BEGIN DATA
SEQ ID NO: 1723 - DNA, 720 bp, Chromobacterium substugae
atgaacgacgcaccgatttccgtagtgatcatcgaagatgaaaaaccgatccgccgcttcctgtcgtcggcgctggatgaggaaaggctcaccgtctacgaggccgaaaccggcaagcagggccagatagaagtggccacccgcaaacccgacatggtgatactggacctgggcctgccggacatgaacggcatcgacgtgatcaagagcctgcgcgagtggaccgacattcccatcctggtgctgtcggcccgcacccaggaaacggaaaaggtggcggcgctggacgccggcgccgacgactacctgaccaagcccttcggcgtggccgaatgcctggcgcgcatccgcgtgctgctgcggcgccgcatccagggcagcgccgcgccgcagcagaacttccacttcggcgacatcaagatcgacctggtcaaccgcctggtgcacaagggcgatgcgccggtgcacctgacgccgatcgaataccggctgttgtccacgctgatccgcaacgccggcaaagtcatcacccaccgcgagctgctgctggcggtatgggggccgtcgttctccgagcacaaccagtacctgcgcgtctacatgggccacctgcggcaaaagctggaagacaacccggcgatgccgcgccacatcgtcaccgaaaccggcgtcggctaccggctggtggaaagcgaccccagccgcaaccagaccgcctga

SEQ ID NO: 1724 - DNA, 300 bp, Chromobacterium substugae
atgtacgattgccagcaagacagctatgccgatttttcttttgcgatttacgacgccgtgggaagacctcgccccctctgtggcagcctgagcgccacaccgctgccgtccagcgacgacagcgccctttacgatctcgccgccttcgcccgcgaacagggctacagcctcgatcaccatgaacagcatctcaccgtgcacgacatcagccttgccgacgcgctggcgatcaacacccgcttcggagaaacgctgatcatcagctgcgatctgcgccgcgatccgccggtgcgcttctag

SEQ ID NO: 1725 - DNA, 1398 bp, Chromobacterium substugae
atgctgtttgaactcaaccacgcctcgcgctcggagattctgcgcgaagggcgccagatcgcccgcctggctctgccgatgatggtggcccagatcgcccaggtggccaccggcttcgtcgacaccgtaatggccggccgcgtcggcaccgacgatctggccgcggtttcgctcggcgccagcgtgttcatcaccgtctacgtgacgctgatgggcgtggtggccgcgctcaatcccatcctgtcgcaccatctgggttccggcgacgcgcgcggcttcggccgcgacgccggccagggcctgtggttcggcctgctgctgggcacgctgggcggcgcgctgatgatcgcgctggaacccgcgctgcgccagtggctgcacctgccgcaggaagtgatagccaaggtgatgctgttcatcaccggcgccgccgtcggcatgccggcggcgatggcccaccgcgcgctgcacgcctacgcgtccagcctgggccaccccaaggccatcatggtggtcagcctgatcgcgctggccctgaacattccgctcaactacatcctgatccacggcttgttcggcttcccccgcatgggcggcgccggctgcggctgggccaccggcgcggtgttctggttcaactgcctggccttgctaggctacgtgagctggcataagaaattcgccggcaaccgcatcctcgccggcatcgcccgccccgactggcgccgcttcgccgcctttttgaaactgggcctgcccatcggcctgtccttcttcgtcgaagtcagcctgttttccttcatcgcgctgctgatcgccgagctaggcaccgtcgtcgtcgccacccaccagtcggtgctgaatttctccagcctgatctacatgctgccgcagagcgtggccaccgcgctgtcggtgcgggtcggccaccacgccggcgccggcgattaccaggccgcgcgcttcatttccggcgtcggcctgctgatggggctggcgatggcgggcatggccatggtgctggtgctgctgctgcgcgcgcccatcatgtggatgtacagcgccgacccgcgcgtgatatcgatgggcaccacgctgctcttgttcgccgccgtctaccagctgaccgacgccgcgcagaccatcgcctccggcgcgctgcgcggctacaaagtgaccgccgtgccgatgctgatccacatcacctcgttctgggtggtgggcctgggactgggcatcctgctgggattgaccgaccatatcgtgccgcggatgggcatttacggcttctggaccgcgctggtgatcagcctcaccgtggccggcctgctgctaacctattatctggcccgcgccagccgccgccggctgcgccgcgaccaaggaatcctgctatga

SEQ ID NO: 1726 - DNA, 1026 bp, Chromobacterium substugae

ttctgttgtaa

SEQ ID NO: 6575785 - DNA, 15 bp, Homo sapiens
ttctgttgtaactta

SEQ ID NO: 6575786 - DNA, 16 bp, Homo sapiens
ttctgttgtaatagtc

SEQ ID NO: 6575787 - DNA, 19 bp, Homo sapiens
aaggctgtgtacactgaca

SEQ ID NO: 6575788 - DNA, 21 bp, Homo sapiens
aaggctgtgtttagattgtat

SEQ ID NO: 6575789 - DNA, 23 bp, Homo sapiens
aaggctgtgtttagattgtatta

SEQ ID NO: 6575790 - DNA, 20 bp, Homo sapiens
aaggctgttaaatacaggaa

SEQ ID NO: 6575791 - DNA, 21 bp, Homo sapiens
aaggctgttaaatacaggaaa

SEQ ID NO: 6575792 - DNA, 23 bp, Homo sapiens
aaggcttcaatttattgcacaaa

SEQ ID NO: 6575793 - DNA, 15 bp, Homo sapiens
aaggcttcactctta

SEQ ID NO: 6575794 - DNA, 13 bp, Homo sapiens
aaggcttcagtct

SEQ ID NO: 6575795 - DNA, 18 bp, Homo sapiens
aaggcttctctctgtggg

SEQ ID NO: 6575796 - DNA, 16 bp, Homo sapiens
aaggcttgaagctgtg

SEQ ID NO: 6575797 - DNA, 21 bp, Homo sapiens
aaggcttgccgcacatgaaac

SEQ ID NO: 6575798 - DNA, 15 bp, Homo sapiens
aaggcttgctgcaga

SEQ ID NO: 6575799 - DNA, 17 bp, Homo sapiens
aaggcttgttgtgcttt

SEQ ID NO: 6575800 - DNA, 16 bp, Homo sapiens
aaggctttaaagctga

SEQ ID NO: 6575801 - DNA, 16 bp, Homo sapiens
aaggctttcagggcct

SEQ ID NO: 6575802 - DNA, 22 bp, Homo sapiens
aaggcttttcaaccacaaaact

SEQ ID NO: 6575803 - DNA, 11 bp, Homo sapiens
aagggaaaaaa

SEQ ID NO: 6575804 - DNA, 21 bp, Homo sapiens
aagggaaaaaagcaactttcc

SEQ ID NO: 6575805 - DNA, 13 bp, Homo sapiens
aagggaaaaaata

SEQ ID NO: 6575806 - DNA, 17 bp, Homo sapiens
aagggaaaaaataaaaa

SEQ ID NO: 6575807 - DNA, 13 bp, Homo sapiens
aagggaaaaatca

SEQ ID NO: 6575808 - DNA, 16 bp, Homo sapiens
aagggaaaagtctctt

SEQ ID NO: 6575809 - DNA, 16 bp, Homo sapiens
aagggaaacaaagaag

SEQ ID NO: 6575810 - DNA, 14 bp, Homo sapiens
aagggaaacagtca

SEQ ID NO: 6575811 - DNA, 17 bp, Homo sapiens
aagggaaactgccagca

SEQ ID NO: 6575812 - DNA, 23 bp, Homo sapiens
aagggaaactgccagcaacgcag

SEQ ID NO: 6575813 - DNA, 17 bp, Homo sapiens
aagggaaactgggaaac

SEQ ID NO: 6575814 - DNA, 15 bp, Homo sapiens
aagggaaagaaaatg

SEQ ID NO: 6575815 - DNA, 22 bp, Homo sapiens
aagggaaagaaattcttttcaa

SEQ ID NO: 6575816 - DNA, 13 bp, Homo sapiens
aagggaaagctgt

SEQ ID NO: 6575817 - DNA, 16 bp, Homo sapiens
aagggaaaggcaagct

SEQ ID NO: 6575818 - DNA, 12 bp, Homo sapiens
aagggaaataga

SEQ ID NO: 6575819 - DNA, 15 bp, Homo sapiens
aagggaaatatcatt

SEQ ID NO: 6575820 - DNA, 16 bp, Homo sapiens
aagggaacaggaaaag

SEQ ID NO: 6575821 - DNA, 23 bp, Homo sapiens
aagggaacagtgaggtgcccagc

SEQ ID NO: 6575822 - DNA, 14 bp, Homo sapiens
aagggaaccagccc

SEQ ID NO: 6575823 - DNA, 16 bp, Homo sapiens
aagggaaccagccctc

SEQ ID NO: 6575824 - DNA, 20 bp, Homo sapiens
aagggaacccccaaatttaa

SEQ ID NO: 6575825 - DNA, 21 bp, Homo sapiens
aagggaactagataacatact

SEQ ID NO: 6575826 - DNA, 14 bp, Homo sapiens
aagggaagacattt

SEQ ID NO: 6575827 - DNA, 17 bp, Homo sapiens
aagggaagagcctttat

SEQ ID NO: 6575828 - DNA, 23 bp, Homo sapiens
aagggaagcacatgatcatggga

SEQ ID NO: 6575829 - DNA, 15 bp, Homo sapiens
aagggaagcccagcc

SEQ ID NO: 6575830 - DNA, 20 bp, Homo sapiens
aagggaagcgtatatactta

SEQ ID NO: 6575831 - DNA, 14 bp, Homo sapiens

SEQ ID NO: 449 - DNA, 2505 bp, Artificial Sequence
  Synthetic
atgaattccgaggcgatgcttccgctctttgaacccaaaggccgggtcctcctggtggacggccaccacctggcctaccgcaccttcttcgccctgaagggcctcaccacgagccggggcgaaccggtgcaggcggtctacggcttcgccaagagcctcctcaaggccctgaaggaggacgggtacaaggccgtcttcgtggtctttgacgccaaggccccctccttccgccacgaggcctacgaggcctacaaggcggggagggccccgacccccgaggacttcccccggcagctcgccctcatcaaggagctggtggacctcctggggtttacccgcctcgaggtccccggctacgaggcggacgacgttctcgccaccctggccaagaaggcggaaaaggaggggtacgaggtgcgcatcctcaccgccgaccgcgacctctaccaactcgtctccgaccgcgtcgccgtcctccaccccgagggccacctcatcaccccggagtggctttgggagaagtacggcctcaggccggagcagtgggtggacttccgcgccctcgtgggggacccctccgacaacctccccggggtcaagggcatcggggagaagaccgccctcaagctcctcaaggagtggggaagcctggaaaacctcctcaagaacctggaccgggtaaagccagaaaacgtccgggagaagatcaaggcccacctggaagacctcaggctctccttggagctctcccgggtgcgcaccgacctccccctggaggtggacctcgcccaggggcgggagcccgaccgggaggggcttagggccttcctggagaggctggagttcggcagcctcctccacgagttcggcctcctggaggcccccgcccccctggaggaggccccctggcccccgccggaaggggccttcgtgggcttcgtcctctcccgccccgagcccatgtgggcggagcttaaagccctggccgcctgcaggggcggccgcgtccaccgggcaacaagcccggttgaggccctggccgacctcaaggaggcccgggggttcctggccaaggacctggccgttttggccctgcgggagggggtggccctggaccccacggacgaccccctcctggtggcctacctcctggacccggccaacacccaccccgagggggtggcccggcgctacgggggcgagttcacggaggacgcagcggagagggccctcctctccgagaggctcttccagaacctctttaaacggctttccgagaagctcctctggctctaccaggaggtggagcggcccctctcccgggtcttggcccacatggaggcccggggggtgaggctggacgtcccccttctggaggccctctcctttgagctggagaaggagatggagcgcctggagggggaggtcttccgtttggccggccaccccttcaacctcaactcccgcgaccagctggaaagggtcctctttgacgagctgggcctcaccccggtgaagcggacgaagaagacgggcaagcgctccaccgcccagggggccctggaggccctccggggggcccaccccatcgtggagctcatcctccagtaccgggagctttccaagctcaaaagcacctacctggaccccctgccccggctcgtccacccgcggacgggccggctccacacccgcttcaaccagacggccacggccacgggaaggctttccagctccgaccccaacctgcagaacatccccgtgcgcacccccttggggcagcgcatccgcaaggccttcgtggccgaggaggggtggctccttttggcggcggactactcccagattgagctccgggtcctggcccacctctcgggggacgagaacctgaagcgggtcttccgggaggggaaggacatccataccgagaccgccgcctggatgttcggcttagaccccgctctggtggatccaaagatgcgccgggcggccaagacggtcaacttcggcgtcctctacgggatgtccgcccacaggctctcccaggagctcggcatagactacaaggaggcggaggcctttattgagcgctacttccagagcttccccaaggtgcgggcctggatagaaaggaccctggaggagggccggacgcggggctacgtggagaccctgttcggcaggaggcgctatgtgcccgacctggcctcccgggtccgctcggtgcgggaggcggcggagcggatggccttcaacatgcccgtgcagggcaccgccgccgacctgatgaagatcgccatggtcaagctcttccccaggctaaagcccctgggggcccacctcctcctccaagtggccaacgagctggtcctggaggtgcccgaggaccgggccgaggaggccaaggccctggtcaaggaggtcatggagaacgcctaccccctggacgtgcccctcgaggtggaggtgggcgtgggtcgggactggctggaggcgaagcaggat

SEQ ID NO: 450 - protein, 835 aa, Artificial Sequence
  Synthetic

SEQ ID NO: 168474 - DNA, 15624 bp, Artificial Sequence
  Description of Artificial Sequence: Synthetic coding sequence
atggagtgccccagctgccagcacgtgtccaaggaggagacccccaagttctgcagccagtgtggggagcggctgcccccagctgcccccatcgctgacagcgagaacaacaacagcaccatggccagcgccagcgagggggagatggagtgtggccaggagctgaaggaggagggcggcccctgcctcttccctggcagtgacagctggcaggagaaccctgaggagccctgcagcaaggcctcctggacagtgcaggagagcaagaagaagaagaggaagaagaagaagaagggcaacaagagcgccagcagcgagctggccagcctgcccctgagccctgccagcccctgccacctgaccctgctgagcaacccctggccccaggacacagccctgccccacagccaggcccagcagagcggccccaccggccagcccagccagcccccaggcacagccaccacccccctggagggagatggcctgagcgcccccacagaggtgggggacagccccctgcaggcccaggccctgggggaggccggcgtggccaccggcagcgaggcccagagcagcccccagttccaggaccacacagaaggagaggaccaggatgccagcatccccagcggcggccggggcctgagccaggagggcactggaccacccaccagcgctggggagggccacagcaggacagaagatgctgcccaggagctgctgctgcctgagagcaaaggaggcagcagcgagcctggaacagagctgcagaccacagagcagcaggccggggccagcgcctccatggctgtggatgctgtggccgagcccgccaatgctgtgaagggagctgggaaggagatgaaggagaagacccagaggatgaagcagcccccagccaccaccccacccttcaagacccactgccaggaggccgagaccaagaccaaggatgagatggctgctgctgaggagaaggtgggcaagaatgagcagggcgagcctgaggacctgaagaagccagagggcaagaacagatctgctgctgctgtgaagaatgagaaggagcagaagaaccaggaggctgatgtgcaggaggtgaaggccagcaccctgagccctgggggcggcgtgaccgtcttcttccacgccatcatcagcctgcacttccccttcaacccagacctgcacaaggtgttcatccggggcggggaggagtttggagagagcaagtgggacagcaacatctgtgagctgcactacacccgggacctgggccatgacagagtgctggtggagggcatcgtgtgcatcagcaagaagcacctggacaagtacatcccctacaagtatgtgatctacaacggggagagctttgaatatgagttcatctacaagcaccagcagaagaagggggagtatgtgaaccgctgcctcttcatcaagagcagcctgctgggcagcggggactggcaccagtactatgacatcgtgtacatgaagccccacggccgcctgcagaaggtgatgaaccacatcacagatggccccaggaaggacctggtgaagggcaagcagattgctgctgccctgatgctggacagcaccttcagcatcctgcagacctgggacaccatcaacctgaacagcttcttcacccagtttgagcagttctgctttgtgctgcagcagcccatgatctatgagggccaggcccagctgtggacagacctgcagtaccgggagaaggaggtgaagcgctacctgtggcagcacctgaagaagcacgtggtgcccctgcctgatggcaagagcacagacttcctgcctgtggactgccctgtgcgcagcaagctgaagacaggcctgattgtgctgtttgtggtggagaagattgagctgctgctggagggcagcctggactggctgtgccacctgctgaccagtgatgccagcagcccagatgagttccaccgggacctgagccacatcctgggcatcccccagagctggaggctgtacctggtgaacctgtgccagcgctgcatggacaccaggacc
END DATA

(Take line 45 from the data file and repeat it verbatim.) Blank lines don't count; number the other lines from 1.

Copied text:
SEQ ID NO: 6575803 - DNA, 11 bp, Homo sapiens